All Around ManOpus3 CD 23001
Format: Hybrid Stereo SACD

Musical Performance: ****1/2
Sound Quality: *****
Overall Enjoyment: ****1/2

Unsuspecting listeners such as I might put on this disc and think that Bottleneck John must be one of America’s newest, greatest blues singers, up from the Deep South. I stand by “newest” and “greatest,” but Bottleneck John was born Johan Eliasson, in Sweden. Fifteen years ago he heard an Eric Bibb album, went acoustic, and developed an authentic blues style of his own.

All Around Man is John’s first album for the Swedish audiophile label Opus3. I dare say it won’t be his last. He sings with controlled enthusiasm, has good tone and diction, and plays with absolute authority, whether on guitar, resonator guitar, banjo, Dobro, or kazoo. His program notes reveal that he restores vintage instruments, and plays a different one on almost every track. The CD booklet includes sharp color photos of the instruments, including a breathtaking centerfold that displays all 18.

The backing instruments are also carefully chosen. The piano, an 1887 Bechstein grand, sounds old in an excellent way. The most amazing instrument, to my ear, is the single-string diddley bow, made from a cigar box, that shows up on “Wade in the Water.” Bottleneck John makes more good music on it than I thought possible from looking at the instrument’s photo.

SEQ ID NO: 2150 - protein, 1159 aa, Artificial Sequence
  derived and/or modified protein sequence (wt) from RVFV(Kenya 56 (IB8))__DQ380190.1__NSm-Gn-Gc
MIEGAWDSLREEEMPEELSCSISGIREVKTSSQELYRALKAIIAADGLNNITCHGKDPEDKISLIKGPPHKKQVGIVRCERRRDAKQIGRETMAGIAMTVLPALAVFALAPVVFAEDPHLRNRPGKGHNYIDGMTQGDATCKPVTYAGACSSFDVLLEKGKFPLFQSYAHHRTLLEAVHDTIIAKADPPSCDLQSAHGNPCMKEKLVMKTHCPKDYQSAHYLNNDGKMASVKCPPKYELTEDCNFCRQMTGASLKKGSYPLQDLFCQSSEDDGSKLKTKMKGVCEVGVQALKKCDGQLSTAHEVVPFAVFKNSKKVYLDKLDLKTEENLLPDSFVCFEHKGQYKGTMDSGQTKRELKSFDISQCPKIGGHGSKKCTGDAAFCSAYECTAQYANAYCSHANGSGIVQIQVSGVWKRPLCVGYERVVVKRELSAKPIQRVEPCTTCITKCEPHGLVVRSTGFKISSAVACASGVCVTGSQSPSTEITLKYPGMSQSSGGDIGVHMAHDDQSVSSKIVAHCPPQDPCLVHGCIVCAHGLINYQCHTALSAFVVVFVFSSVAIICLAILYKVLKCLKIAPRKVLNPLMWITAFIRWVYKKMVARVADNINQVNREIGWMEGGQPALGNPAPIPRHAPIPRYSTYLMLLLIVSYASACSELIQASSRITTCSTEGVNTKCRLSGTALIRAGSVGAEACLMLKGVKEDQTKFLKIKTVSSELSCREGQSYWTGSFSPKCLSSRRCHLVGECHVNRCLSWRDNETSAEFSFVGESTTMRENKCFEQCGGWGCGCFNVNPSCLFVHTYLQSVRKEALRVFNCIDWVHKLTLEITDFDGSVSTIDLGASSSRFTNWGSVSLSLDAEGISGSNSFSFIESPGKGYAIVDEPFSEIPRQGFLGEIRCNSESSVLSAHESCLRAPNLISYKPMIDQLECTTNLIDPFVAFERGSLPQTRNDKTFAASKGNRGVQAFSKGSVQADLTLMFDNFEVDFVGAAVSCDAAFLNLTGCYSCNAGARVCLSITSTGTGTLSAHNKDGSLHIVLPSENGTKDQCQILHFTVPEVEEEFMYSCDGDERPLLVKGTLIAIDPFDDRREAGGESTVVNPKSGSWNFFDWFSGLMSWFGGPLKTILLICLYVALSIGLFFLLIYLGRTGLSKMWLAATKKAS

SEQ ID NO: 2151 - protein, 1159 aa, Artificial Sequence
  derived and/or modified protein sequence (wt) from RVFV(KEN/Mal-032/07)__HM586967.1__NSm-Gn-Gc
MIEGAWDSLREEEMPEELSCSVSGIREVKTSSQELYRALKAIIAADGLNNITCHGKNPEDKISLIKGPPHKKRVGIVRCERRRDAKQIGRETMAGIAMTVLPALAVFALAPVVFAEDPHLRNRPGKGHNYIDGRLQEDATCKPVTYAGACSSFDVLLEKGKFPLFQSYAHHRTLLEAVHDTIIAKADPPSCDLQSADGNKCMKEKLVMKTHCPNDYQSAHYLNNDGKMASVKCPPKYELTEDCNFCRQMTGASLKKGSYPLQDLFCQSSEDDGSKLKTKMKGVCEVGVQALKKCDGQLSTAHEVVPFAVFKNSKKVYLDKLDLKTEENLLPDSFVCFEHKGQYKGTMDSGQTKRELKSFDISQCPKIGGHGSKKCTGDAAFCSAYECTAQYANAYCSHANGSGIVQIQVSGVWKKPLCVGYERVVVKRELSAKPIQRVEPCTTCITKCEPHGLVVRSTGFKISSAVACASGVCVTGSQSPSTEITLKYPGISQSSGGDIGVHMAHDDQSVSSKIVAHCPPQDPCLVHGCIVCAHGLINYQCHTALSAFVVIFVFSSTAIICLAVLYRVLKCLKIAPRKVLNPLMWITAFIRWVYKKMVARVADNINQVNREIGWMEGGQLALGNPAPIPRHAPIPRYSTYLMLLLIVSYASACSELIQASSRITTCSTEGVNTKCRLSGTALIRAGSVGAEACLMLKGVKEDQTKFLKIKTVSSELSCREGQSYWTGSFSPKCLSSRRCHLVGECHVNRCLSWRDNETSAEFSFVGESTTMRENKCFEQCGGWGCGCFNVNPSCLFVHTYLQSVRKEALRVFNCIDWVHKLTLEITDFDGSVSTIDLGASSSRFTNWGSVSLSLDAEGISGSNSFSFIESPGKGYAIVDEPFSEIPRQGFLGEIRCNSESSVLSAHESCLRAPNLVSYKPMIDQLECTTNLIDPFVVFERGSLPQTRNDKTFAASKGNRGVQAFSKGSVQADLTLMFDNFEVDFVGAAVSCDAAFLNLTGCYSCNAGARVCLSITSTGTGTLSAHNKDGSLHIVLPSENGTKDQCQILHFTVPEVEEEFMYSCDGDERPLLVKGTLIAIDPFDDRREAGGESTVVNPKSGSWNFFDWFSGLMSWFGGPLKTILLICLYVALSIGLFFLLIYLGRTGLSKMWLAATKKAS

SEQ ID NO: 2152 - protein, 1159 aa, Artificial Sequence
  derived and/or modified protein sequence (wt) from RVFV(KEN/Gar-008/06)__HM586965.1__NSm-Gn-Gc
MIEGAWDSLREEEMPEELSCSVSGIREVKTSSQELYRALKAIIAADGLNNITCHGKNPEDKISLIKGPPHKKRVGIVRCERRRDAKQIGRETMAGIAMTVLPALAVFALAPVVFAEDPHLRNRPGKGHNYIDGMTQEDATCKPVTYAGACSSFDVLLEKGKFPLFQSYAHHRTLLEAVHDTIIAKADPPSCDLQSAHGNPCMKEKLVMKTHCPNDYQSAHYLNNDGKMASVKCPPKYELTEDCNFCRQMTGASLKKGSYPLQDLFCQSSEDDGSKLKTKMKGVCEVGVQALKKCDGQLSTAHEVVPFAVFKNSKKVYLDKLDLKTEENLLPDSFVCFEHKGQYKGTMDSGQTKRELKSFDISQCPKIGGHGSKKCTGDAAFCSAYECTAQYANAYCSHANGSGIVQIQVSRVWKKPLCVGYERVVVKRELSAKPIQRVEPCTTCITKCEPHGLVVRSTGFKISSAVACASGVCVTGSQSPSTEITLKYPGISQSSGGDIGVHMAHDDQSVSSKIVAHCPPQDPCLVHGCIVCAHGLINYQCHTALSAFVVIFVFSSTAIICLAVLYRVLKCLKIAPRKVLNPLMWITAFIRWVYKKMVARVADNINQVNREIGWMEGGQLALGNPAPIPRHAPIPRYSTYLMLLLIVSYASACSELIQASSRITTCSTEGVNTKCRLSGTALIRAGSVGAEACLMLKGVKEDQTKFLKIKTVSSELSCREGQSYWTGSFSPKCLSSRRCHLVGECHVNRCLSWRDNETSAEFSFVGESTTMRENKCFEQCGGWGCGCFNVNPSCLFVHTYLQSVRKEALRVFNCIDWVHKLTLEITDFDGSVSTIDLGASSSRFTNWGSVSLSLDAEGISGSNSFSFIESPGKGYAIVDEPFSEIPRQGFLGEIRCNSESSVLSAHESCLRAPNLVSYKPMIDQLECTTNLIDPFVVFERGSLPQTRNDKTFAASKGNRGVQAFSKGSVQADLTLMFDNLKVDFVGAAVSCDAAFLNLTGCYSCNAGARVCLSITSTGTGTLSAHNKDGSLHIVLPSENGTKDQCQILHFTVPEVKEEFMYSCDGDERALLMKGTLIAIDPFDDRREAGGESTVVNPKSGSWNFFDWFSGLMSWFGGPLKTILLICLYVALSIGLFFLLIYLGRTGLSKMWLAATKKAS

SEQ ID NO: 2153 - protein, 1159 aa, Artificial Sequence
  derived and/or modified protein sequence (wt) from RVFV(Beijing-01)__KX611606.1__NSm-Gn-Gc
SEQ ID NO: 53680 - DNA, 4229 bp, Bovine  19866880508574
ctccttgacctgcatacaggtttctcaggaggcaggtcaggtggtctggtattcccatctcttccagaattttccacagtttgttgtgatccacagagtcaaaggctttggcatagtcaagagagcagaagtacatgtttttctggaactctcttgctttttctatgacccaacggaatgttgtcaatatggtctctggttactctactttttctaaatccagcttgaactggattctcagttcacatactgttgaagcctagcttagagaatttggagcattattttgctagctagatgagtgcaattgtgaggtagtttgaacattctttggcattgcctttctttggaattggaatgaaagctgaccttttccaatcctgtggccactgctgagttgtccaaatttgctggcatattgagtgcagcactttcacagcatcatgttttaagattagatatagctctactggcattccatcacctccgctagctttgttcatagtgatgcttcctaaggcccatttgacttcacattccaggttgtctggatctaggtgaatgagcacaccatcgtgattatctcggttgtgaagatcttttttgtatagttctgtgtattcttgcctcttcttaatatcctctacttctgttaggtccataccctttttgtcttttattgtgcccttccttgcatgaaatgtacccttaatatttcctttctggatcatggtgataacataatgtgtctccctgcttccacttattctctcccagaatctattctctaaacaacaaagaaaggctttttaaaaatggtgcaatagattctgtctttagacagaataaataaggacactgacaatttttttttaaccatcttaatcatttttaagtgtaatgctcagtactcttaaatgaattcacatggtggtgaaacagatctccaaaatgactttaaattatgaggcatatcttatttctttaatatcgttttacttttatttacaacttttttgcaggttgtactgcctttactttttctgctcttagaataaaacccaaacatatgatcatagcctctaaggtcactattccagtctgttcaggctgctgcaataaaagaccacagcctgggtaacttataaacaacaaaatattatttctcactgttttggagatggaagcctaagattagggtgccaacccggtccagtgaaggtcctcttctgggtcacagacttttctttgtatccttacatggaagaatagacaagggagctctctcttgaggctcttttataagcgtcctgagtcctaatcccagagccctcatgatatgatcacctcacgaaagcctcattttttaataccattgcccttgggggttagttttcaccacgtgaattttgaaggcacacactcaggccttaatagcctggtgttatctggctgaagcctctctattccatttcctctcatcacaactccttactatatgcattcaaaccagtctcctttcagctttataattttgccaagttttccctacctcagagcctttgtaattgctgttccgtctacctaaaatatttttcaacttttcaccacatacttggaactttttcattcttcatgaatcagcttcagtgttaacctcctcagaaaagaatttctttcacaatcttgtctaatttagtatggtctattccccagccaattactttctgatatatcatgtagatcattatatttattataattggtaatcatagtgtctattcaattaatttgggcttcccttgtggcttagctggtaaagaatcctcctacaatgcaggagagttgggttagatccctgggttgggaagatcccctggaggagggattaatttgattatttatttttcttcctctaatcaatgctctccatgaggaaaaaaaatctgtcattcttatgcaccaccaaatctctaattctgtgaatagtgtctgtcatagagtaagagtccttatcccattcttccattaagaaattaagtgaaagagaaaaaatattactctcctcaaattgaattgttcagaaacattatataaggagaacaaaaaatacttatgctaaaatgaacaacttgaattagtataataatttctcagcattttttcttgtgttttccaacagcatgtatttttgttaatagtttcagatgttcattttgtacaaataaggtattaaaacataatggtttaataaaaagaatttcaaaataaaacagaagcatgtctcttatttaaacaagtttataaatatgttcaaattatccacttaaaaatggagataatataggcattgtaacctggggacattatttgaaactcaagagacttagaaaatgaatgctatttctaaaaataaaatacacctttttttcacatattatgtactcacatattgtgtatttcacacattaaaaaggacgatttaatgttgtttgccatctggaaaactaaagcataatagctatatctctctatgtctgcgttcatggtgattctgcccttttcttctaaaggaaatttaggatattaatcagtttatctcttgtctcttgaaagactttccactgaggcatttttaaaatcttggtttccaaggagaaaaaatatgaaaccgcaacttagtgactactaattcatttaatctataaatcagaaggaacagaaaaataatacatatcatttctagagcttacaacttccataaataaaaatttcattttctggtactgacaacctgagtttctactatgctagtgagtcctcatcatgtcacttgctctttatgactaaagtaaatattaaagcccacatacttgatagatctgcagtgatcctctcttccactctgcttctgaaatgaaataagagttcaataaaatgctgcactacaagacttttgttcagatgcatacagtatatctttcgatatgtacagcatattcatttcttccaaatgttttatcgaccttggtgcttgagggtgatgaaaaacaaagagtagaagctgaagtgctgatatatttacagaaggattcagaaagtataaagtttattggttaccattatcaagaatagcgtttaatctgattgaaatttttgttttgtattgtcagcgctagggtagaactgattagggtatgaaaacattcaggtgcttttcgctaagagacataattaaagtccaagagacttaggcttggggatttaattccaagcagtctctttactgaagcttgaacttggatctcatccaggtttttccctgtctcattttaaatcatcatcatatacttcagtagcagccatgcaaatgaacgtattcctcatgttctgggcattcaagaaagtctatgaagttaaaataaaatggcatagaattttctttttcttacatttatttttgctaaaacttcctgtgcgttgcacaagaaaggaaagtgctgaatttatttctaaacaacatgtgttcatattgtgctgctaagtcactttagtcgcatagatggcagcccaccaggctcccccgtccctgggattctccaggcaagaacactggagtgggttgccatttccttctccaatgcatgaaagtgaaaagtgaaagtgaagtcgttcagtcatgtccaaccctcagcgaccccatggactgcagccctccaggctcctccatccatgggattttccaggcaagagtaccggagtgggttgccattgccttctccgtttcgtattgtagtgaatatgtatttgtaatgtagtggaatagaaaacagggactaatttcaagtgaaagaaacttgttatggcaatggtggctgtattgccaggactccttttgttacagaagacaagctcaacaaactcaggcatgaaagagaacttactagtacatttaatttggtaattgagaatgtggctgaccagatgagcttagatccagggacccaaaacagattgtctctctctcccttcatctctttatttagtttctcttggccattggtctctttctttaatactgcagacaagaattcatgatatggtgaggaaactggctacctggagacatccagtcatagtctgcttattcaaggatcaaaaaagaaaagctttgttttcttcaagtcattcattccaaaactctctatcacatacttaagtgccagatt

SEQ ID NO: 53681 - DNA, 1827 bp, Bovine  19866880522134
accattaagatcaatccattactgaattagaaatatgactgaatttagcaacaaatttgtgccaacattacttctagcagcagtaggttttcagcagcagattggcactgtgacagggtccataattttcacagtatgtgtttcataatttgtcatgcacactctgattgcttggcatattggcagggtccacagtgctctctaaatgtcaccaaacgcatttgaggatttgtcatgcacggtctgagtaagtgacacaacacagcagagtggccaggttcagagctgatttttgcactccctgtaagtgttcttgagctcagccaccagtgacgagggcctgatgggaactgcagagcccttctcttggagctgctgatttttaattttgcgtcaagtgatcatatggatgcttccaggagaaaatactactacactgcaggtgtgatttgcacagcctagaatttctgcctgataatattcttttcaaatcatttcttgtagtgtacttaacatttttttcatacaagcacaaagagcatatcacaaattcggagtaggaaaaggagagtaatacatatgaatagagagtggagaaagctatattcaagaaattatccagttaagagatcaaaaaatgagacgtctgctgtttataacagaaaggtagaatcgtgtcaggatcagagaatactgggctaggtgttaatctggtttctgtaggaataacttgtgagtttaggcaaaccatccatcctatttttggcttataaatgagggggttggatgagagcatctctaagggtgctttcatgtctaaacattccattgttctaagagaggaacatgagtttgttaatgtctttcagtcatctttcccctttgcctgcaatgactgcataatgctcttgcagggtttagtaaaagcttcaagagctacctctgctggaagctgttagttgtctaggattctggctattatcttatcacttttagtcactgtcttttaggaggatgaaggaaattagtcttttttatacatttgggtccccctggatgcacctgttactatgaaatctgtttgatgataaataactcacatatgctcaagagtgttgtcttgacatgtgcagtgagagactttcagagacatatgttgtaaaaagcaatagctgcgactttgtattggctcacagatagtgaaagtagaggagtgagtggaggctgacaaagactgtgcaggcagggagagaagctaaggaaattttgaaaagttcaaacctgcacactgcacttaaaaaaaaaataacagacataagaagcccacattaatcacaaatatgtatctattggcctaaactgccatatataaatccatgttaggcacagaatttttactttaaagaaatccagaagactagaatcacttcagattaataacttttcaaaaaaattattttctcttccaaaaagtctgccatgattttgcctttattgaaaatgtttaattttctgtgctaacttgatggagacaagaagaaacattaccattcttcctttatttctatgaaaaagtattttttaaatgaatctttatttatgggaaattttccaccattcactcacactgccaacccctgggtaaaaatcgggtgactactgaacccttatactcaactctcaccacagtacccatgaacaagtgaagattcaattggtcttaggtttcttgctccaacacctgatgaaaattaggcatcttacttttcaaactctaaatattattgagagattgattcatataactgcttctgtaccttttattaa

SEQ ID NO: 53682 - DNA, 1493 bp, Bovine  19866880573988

The songs range from traditional tunes such as “Lonesome Valley” and “How Long, How Long Blues” to “Jesus Gonna Be Here,” a gospel song by Tom Waits. A couple of hokum songs, “All Around Man” and “No Matter How She Done It,” revel in sexual innuendo. All in all, it’s a satisfying collection that has good balance and listens well from beginning to end.

The sound is the state of the art. Everything sounds so natural that it was if these eight musicians had been ushered into my listening room. All of John’s twangings, slidings, and tappings are absolutely clean. I loved it through my electrostatic speakers, which rewarded me with some choice moments. I can’t fault this recording in any way.

Check out Bottleneck John’s YouTube site; the sound isn’t great, but the fun is plentiful. He likes to set the sounds of machines to music. I really enjoyed “The Water Pump Blues,” which is bested only by the “Delta Tractor Blues Jam” and “The Old Steamboat Blues.”

. . . Rad Bennett